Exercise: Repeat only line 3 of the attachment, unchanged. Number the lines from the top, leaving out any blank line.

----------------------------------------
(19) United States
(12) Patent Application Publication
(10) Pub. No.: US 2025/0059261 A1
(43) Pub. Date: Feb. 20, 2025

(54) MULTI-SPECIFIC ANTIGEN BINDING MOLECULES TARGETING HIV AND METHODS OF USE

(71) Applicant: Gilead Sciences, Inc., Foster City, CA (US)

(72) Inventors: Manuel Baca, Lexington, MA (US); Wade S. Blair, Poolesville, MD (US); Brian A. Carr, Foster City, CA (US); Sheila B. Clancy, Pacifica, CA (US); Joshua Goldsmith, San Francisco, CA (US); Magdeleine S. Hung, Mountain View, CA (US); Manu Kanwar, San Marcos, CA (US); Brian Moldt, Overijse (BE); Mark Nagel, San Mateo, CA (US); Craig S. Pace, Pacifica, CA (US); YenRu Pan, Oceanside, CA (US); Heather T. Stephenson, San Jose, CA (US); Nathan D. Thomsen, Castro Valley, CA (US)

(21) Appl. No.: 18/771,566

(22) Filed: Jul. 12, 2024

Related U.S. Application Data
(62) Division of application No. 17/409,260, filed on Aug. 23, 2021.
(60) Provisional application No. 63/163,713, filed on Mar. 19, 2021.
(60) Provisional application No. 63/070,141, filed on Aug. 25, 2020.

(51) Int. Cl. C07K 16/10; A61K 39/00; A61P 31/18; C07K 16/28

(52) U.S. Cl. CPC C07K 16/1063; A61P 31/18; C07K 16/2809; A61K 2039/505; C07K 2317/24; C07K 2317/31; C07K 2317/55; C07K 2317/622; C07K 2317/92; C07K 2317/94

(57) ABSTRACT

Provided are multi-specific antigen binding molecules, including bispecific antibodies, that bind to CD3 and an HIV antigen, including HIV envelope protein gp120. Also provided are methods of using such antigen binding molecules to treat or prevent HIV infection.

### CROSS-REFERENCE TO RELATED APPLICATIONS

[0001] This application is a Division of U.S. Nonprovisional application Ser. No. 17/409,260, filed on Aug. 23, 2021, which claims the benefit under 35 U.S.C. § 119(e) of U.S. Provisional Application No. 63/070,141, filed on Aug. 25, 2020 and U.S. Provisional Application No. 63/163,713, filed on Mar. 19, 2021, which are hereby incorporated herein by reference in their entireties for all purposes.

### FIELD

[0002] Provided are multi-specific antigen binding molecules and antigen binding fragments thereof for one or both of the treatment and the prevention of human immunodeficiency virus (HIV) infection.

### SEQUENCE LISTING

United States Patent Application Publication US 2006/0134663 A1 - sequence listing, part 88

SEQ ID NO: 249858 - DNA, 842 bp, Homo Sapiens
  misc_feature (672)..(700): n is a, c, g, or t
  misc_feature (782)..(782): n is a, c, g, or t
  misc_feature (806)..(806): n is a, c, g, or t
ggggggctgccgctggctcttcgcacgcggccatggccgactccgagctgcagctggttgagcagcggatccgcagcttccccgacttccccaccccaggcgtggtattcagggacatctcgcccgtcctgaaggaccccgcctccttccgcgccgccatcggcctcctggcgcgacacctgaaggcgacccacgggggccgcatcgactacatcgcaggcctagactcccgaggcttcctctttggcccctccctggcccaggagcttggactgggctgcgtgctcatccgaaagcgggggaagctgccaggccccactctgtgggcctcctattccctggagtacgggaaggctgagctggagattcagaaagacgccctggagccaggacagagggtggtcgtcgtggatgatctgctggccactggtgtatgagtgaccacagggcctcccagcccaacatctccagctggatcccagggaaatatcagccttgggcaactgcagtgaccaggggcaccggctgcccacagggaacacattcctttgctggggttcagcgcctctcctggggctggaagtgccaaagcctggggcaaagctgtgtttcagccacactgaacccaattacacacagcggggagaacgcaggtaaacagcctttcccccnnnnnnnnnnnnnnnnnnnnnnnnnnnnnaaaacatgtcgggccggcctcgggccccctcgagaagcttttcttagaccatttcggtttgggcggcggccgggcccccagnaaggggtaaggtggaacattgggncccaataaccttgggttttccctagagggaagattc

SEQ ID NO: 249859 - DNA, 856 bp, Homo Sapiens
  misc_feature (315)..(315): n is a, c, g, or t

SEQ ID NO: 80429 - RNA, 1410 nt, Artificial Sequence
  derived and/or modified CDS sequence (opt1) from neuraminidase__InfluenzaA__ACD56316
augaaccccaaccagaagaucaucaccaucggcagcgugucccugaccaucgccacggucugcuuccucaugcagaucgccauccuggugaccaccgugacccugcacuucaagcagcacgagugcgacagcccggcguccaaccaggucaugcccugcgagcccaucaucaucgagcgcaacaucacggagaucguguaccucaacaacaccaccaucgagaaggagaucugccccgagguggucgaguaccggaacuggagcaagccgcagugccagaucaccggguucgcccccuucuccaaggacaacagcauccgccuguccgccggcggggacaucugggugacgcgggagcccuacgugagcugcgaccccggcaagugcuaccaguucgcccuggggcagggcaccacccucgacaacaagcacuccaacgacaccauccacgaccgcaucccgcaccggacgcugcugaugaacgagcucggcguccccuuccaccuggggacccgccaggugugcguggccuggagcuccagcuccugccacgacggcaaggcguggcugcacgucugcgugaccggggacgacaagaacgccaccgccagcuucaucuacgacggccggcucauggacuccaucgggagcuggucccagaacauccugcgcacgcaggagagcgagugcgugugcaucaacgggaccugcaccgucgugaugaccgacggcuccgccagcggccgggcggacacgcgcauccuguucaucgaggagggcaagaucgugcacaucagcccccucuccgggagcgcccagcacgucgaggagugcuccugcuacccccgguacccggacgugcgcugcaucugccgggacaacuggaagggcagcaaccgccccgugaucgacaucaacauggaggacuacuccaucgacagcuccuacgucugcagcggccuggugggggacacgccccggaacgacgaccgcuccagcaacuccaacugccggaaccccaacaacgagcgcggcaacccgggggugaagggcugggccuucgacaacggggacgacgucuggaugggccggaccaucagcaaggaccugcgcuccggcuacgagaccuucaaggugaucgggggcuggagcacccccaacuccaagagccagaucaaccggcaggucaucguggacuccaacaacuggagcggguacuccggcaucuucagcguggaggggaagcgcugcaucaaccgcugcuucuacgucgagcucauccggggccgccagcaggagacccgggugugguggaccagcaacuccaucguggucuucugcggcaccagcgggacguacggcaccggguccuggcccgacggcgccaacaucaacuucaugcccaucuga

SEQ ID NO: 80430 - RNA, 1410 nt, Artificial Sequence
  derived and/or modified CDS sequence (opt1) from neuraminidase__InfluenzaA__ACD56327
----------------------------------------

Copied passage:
(10) Pub. No.: US 2025/0059261 A1